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There is an alternative, and that is to have an honest debate about taxation and public expenditure, and to reintroduce the progressive principle, as we and other parties have advocated. We have one of the lowest top rates of personal tax in the European Union. It is 62 per cent. in France, 55 per cent. in Germany and 51 per cent. in Italy. Even in the UK, we had a top rate of 60 per cent. until 1998, yet we are in a position in which incapacity benefit, for instance, is taxed at 50 per cent. for personal pension income above £85 a week. Can the Secretary of State tell me why disabled pensioners pay higher tax rates than millionaires? It makes no sense.
We are all aware that there are more determinants of health than spending. As well as poverty, there is housing, which the hon. Member for Cardiff, West mentioned. That is clearly an important factor in the health of our people over the long term. Simply investing more money in the health service, welcome, important and necessary as it is, will not address the long-term problems affecting the health of our people, so we need to look at a wider social policy agenda.
Mrs. Betty Williams (Conwy): Has the hon. Gentleman seen the most recent statistics on the health service in Wales? This is the record: local in-patient and day care activity up by 0.9 per cent., elective activity, including day cases, up by 1 per cent., emergency activity up by 0.9 per cent., total out-patient attendances up by 4.2 per cent. and new out-patient attendances up by 2.5 per cent. Even without the Budget statement, we are doing much better than we were five years ago.
Adam Price: Obviously, I welcome any improvement in the delivery of the health service. My point is that many of us would recognise that there is a far wider agenda, which has to do with levels of poverty and inequality in society. The Government have to grasp the nettle: welfare payments need to increase far more than they have done so far.
My fear is, and I hope that I will be proven wrong—[Interruption]. May I make this point? My fear is that in order to deliver higher levels of spending on health and possibly in other areas, the Government will have to keep social security payments, particularly benefit payments, down. Leaks from the Treasury to the Financial Times have suggested that one of the facts on which the figures are based is that in future it will have to pay out less, proportionately, on the basic state pension. That is a false economy in terms of the health of our people. We cannot provide the best health service in the world while undermining the social welfare that underlies the health of our people. Benefit rates must increase by 20 to 40 per cent. above the rate of increase in average wages if we are to undo the problems that appeared in the Thatcher years.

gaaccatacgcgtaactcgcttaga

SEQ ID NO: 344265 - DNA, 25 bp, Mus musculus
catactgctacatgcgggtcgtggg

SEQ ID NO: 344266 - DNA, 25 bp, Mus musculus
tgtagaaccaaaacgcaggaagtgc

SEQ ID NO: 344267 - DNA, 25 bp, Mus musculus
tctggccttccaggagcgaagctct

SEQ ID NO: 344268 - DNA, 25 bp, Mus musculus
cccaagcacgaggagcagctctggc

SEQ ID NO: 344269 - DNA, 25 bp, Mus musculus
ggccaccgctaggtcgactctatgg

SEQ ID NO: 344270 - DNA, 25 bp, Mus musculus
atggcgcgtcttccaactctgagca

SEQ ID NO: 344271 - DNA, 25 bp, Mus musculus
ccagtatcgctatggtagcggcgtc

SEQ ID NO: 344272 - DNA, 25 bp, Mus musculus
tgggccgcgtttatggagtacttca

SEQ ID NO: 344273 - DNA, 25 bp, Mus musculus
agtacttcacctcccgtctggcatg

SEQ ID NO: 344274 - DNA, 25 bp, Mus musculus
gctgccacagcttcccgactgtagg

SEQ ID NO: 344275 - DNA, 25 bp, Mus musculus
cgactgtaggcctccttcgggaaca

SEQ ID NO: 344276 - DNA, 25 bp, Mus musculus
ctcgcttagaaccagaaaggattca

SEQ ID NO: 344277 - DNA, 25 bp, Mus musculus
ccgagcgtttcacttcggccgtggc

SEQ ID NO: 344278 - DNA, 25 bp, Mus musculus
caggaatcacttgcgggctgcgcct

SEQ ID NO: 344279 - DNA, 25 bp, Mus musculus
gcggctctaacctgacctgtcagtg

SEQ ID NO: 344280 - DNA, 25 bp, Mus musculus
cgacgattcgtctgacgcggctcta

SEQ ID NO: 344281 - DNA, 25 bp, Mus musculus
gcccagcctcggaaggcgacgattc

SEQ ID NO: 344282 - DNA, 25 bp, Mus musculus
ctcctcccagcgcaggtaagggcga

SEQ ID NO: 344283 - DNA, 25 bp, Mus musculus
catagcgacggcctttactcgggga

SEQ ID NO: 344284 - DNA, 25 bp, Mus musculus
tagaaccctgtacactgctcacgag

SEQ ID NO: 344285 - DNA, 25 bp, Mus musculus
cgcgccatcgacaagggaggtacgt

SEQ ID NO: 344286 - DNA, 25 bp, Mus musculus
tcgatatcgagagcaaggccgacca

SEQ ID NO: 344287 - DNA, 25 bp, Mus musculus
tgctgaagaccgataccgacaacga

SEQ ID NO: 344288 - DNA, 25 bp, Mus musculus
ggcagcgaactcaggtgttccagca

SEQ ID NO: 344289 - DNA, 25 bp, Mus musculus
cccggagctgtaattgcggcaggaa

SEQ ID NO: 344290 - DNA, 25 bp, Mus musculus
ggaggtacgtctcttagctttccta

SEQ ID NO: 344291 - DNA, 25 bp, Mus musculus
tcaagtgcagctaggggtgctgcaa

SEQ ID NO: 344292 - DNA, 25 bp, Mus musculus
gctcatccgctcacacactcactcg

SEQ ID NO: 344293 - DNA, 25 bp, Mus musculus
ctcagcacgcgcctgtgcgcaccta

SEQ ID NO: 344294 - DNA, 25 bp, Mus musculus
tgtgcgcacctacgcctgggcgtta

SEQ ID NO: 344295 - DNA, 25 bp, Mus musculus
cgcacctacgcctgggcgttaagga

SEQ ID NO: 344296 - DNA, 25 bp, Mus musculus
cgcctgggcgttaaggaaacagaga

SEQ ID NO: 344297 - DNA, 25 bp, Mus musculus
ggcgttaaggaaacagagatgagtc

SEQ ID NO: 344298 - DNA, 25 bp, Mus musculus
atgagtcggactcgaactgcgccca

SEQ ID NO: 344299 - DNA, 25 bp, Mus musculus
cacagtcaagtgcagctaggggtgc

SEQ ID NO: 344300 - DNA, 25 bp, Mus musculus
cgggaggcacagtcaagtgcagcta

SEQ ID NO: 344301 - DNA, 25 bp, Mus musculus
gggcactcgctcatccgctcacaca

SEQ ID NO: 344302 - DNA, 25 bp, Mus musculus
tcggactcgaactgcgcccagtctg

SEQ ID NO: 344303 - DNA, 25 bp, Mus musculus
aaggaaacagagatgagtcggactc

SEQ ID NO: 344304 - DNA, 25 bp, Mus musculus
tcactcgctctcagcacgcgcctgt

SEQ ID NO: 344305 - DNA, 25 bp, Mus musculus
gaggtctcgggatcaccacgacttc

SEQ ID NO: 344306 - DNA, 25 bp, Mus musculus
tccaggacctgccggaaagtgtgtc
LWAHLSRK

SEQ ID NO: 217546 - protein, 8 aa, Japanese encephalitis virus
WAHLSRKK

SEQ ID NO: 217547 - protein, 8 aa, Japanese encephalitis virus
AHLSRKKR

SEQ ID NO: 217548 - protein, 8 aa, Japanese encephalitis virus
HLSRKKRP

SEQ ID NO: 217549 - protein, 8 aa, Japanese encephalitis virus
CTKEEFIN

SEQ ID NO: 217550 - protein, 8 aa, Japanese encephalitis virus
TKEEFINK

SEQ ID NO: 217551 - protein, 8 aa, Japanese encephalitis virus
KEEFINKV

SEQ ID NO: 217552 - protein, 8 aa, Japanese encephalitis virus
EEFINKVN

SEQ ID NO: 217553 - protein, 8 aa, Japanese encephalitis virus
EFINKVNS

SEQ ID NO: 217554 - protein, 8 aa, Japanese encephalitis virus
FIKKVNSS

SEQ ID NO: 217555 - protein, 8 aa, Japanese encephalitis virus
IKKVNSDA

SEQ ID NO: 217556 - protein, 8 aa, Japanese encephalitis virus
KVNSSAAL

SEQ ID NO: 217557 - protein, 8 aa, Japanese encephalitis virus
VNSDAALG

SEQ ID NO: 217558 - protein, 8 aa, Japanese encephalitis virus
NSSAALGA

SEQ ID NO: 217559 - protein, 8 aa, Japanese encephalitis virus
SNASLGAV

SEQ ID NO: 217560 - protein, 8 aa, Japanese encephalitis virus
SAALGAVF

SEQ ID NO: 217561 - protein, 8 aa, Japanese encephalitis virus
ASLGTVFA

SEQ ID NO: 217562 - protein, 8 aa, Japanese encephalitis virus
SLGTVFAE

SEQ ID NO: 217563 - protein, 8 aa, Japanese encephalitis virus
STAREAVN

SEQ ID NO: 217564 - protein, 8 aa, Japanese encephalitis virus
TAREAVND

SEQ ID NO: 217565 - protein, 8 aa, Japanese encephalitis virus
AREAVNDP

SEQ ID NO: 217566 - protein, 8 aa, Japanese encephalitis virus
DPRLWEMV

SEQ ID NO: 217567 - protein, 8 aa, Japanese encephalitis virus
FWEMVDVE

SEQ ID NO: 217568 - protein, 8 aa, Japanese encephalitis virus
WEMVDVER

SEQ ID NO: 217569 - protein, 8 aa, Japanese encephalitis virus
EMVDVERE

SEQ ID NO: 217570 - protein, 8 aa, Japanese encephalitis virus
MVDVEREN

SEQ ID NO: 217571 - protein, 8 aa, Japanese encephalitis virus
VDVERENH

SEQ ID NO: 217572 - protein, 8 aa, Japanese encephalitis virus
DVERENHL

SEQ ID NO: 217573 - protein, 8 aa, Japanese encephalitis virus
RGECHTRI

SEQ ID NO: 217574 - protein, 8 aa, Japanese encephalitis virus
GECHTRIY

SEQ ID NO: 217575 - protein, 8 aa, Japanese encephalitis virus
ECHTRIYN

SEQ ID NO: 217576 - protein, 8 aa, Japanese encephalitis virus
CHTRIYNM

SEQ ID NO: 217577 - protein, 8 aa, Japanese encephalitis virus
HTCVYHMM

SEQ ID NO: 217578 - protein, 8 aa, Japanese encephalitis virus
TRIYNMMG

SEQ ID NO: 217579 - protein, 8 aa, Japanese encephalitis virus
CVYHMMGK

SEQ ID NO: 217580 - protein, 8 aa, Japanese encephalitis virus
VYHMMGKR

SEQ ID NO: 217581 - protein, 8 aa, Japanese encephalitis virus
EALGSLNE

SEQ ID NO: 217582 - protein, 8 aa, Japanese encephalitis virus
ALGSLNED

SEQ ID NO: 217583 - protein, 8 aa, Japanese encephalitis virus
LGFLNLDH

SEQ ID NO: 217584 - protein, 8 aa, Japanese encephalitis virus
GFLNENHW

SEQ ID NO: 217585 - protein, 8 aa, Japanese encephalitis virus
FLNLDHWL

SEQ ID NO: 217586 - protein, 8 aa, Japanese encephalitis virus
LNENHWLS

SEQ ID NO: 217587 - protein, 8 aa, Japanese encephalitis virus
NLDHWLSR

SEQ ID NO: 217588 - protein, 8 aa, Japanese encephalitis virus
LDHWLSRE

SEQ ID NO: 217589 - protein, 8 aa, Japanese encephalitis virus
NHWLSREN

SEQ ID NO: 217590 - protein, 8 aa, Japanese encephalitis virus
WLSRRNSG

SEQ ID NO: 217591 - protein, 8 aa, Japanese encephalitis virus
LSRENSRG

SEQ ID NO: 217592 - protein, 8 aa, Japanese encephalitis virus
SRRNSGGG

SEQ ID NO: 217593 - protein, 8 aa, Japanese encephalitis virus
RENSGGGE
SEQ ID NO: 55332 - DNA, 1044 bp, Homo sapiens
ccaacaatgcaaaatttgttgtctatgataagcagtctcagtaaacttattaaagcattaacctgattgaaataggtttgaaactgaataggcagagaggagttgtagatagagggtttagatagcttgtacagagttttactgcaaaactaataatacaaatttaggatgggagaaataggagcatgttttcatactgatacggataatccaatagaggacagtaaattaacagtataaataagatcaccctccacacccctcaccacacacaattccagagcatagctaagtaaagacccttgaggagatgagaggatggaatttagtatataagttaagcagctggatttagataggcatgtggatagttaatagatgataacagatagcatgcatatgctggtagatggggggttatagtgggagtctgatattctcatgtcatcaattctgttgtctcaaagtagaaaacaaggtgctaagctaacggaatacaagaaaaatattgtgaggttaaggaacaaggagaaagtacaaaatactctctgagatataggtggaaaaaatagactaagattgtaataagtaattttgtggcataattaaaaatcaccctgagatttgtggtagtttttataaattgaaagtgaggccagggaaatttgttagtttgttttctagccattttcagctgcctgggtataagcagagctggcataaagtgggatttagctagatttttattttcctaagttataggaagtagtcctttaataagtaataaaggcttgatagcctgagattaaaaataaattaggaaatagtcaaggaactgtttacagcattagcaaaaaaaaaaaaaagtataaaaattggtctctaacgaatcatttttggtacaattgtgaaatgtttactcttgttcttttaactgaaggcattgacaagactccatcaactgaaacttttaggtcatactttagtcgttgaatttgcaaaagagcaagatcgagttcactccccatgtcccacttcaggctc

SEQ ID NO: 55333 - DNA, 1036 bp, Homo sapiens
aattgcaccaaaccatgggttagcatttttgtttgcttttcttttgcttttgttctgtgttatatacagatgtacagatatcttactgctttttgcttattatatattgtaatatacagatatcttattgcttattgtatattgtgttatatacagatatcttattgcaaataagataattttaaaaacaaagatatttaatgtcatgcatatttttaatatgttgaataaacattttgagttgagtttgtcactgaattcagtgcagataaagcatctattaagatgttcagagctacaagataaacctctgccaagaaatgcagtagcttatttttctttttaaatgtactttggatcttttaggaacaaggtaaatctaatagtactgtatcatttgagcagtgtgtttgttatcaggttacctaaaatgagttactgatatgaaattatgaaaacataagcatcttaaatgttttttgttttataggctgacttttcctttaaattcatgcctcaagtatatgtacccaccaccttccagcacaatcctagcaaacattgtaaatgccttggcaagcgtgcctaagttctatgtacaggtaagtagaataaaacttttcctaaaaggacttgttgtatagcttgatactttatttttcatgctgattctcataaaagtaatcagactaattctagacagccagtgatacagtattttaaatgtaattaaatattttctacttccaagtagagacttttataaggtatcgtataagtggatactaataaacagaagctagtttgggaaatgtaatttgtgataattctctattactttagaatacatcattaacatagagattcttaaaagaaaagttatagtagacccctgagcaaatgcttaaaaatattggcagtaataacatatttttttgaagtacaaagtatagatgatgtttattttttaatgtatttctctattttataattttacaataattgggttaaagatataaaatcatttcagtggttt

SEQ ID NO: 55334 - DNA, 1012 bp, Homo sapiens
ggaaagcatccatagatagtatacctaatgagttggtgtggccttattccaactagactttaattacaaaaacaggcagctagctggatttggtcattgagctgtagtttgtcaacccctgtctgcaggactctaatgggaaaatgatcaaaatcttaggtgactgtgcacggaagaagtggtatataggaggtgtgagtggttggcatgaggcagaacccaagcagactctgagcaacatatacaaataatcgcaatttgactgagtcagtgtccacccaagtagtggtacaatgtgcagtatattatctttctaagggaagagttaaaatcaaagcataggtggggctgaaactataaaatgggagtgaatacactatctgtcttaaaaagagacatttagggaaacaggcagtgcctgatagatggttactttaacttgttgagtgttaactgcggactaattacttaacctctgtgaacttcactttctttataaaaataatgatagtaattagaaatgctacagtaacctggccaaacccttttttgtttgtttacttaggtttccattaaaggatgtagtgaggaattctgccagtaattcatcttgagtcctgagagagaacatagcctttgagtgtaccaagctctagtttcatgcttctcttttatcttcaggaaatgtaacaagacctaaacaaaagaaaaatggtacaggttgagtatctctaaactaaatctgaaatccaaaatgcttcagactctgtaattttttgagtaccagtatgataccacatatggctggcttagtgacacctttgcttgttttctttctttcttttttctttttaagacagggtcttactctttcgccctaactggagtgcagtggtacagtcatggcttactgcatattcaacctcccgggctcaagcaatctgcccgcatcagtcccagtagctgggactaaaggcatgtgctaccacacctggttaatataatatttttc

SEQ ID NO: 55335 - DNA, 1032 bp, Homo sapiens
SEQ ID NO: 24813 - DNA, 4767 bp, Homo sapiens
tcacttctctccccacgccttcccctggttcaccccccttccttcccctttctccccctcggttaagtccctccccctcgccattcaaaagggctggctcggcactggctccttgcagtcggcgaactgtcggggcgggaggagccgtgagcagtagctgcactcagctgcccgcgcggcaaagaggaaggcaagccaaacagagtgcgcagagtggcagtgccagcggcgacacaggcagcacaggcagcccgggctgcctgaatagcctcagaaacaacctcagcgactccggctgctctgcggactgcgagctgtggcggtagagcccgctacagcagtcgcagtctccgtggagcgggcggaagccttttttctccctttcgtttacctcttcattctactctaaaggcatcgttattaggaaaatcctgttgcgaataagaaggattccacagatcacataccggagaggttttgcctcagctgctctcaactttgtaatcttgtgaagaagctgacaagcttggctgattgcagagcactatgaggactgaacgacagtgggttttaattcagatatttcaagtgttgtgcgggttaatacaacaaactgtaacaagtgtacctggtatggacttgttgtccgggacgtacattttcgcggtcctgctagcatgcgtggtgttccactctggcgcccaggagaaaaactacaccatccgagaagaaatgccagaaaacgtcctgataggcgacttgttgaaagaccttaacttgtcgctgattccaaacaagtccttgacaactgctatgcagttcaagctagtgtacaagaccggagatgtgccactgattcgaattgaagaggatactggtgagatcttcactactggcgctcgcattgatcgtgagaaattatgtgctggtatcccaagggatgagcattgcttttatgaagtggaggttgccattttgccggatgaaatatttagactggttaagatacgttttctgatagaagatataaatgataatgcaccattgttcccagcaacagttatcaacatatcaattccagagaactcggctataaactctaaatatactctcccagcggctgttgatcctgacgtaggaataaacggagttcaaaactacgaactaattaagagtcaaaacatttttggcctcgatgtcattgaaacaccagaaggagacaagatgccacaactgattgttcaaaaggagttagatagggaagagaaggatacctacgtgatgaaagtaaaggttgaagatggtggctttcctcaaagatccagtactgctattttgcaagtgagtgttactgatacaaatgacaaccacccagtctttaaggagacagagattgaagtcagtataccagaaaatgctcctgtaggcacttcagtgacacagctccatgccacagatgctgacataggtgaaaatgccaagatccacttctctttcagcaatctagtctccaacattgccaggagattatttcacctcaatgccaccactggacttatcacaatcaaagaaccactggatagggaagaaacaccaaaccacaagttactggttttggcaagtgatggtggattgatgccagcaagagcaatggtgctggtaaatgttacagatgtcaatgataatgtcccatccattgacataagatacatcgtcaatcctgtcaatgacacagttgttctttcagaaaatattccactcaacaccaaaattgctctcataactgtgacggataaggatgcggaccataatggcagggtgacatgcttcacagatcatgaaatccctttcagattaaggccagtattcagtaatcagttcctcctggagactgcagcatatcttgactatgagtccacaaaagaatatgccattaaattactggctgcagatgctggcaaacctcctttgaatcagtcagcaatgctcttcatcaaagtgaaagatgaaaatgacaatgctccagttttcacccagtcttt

Julie Morgan: I accept that the agenda should go wider than sickness and that we should consider health in the wider sense. Does the hon. Gentleman not accept, however, that there has been a record huge increase since 1997 in provisions such as child benefit? That is a universal benefit, and it is universally taken up. We all agree that families with children are often
Column Number: 32among the poorest groups in society, but does he not accept that action is being taken on some of the issues that he raises?
Adam Price: I accept that, and I am aware of the hon. Lady's excellent work on behalf of children, for which she is well known. I shall not detain the Committee by getting into a detailed discussion of tax credits, but there are problems with the system's increasing complexity. Partisan politics aside, I am sure that she agrees that there are issues about take-up that need to be resolved. I am a great supporter of universalism, child benefit and restoring the link between the basic state pension and average earnings. She probably has some sympathy with that last point, which must be one of our key demands over the next few years.
Mr. Simon Thomas: My hon. Friend has touched on a central problem with the benefit system. As the hon. Lady said, there have been welcome increases in universal benefits, but at the same time the Government have increased their emphasis on means-tested benefits, and the minimum income guarantee is a key example. The Secretary of State said that 100,000 pensioners in Wales would gain under the minimum income guarantee, but he did not say how many people were ineligible. He does not have the figure, which is a disgrace, but the estimate is at least 45,000.
Adam Price: My hon. Friend makes an excellent point, and there are also issues with the stakeholder pension. The only long-term future lies with a return to the basic state pension as a universal benefit linked to average earnings.
It is a great shame that the Chancellor has frozen the winter fuel allowance for the next four years, which represents a real-terms cut. [Interruption.] If I may conclude, a key problem under this Government is the growing social and geographic inequality between the richest and the poorest, and between the United Kingdom's richer and poorer regions and nations.
Unfortunately, the Budget offered no succour to those of us who want to build a better future for our country—an ambition that is surely shared across this Room. We may disagree about some of the means, but there must be a bit more reality to the discussion. Inequality continues to grow under this Government.
|©Parliamentary copyright 2002||Prepared 24 April 2002|